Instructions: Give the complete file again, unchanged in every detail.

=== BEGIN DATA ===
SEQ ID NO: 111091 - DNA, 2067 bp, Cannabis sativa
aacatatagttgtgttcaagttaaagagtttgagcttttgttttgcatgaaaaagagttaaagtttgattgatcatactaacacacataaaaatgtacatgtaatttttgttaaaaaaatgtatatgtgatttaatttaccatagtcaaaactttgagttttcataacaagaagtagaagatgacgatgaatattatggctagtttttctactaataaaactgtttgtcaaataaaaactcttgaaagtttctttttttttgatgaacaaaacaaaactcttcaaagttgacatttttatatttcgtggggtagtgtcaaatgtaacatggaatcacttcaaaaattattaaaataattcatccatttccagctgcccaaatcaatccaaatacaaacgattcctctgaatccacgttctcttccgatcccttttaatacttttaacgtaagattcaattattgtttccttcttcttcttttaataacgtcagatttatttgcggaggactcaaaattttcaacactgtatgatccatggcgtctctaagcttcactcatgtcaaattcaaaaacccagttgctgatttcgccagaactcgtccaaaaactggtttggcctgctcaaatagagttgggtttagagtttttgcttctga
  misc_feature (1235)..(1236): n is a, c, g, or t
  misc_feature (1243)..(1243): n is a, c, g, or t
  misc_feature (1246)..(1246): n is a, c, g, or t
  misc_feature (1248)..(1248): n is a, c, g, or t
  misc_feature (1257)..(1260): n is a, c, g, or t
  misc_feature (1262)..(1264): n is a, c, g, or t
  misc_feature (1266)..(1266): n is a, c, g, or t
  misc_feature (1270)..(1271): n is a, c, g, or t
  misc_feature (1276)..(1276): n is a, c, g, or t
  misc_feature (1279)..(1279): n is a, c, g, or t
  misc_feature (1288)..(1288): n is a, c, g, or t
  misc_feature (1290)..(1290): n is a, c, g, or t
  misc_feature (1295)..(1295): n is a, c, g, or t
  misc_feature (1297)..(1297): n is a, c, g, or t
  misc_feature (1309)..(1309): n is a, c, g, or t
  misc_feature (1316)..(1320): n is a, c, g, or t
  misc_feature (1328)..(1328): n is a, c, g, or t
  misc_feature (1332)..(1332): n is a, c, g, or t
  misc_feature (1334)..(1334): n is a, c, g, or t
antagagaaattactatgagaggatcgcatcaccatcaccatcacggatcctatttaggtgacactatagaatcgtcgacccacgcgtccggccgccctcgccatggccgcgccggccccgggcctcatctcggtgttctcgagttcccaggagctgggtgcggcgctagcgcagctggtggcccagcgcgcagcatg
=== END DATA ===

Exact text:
SEQ ID NO: 111091 - DNA, 2067 bp, Cannabis sativa
aacatatagttgtgttcaagttaaagagtttgagcttttgttttgcatgaaaaagagttaaagtttgattgatcatactaacacacataaaaatgtacatgtaatttttgttaaaaaaatgtatatgtgatttaatttaccatagtcaaaactttgagttttcataacaagaagtagaagatgacgatgaatattatggctagtttttctactaataaaactgtttgtcaaataaaaactcttgaaagtttctttttttttgatgaacaaaacaaaactcttcaaagttgacatttttatatttcgtggggtagtgtcaaatgtaacatggaatcacttcaaaaattattaaaataattcatccatttccagctgcccaaatcaatccaaatacaaacgattcctctgaatccacgttctcttccgatcccttttaatacttttaacgtaagattcaattattgtttccttcttcttcttttaataacgtcagatttatttgcggaggactcaaaattttcaacactgtatgatccatggcgtctctaagcttcactcatgtcaaattcaaaaacccagttgctgatttcgccagaactcgtccaaaaactggtttggcctgctcaaatagagttgggtttagagtttttgcttctga
  misc_feature (1235)..(1236): n is a, c, g, or t
  misc_feature (1243)..(1243): n is a, c, g, or t
  misc_feature (1246)..(1246): n is a, c, g, or t
  misc_feature (1248)..(1248): n is a, c, g, or t
  misc_feature (1257)..(1260): n is a, c, g, or t
  misc_feature (1262)..(1264): n is a, c, g, or t
  misc_feature (1266)..(1266): n is a, c, g, or t
  misc_feature (1270)..(1271): n is a, c, g, or t
  misc_feature (1276)..(1276): n is a, c, g, or t
  misc_feature (1279)..(1279): n is a, c, g, or t
  misc_feature (1288)..(1288): n is a, c, g, or t
  misc_feature (1290)..(1290): n is a, c, g, or t
  misc_feature (1295)..(1295): n is a, c, g, or t
  misc_feature (1297)..(1297): n is a, c, g, or t
  misc_feature (1309)..(1309): n is a, c, g, or t
  misc_feature (1316)..(1320): n is a, c, g, or t
  misc_feature (1328)..(1328): n is a, c, g, or t
  misc_feature (1332)..(1332): n is a, c, g, or t
  misc_feature (1334)..(1334): n is a, c, g, or t
antagagaaattactatgagaggatcgcatcaccatcaccatcacggatcctatttaggtgacactatagaatcgtcgacccacgcgtccggccgccctcgccatggccgcgccggccccgggcctcatctcggtgttctcgagttcccaggagctgggtgcggcgctagcgcagctggtggcccagcgcgcagcatg